We have begun to explore the possibility of non-Cartesian gradient encoding in the context of the recently proposed one voxel one coil (OVOC) approach, which is based on the use of spatial sensitivity profiles of multiple small coils as primary source for spatial localization [3]. A similar approach has been called inverse MR imaging [4]. As already shown in the application for high temporal resolution mapping of brain physiology [3] additional spatial information at least in one spatial direction can be introduced by one-dimensional encoding with a gradient in a suitable direction. In the context of this application it would be desirable to orient the direction of spatial encoding along the surface of the cortex (radial or circumferential) rather than in Cartesian coordinates *x, y* and *z*. In this paper we will present basic concepts of the use of gradients with radial symmetry for imaging.

## Methods

Since the term ‘gradients’ is firmly ingrained to represent constant gradients in Cartesian coordinates, and also to avoid confusion with the usage of the term ‘gradient’ as the spatial derivative of the main magnetic field *B* _{0}, we use the term spatial encoding magnetic field (SEM) for the general case of non-Cartesian spatially variable fields. In general SEMs with spherical or cylindrical geometry include multiple field maxima and minima. Using such SEMs for spatial encoding, thus, leads to a non-bijective correlation between frequency domain and the location in object space. Therefore spatial encoding is inherently ambiguous. Unambiguous encoding is constrained to local subregions of the SEMs. The global ambiguity can be resolved by parallel imaging approaches using multiple local receiver coils. The number nc of coil elements has to be equal to or larger than the degree of ambiguity of the spatial encoding. We use the term parallel imaging technique using local gradients (PatLoc) for this approach.

Arrangements of arrays of planar coils derived from a three rung Cho design were used to generate the desired PatLoc fields [5]. A radial gradient can be achieved by placing ng such coils along the circumference of a cylinder. In order to extend the radial field in the *z*-direction, a head-to-head arrangement of two coils was used as the basic building block as suggested in [5]. The distance between the six central rungs was 8 mm, respectively, the length in *z*-direction was 80 mm at 40 mm width. Figure 1 shows an octagonal arrangement of such coils.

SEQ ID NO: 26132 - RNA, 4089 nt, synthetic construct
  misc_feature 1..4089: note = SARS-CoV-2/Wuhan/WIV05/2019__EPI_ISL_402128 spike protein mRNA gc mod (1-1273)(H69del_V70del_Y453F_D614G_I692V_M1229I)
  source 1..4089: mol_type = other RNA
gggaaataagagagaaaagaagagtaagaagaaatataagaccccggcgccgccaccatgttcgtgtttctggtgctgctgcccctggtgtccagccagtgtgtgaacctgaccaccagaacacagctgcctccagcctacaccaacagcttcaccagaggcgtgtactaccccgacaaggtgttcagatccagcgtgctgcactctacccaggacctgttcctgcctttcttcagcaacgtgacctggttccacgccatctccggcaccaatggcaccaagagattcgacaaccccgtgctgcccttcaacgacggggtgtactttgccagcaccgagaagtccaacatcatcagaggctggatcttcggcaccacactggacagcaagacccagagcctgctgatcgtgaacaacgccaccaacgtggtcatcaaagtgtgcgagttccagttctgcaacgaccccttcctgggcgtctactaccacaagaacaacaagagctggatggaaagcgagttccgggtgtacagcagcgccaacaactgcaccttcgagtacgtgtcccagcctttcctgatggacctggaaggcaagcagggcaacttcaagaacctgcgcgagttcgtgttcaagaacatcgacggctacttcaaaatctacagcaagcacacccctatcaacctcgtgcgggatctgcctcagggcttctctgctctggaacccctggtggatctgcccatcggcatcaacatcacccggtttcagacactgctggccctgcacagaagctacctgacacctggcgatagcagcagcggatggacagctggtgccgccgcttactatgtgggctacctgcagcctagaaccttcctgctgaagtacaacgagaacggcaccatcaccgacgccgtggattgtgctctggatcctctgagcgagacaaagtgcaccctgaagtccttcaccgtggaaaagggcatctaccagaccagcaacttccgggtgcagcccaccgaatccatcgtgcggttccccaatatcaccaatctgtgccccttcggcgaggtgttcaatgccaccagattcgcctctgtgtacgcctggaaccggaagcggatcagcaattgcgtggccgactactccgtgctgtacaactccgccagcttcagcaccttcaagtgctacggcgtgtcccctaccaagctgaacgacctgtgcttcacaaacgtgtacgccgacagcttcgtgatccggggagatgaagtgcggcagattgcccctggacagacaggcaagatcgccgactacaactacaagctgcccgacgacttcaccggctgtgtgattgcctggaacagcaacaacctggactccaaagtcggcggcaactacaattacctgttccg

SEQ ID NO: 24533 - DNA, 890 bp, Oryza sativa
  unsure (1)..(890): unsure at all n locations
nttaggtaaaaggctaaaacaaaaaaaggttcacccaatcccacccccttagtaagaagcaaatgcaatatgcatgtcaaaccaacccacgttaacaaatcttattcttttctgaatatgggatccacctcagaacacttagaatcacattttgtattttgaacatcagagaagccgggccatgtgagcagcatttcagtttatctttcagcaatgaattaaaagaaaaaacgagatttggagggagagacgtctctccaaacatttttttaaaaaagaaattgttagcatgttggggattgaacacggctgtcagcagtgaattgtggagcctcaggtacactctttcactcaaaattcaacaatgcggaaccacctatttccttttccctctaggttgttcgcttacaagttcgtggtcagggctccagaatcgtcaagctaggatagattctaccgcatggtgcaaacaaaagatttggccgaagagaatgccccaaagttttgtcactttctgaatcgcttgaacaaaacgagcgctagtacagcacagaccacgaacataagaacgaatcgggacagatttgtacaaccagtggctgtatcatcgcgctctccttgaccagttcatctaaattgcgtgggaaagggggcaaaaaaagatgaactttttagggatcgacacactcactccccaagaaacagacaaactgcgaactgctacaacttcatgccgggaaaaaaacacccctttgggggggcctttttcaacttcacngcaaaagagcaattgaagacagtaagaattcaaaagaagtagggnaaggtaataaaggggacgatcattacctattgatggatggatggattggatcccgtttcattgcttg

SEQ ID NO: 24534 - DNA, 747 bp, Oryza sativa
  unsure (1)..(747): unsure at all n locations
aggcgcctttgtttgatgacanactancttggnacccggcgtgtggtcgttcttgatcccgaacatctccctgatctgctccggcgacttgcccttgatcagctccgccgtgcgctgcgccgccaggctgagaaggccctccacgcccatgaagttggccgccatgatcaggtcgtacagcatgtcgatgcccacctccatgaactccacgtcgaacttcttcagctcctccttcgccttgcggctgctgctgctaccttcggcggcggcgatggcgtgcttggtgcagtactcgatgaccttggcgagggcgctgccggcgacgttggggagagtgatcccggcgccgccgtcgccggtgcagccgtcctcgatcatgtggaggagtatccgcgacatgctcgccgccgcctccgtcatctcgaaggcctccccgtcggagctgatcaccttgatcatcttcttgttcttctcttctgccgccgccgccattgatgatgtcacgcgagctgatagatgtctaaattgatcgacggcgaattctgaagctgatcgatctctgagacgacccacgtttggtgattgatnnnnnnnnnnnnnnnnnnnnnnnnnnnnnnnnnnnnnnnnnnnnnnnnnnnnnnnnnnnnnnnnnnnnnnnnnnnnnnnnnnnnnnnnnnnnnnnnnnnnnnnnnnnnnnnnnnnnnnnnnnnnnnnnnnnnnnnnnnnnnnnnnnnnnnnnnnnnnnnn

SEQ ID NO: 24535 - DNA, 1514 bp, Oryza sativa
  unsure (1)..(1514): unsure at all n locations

Magnetic field simulations were performed using a MatLab software package (Mathworks Natick, MA, USA) for solving the Biot-Savart law for one-dimensional current distributions on a cylinder. The program was adapted from Mat-Lab code developed by Fa-Hsuan Lin at MGH available on the internet (http://www.nmr.mgh.harvard.edu/~fhlin/tool_b1.htm). For refinements the designs were transferred into Maxwell3D (AnSoft Inc, Pittsburgh, PA, USA) for FDTD-calculations based on realistic materials and geometries (copper wire with 2mm thickness, rounded corners). The maximum deviation between the idealized Biot-Savart calculations and the Ansoft simulation was ∼5% close to the wire. For simulations of SEMs for imaging the analysis was applied to the central plane, where concomitant fields can be ignored due to the symmetry of the arrangement. The field profile along the *z*-direction leads to a reduction in the maximum amplitude of B_{ z } to 98.5, 92.2, 79.2 and 55% at 1, 2, 3 and 4 cm off-center in the *z*-direction, respectively.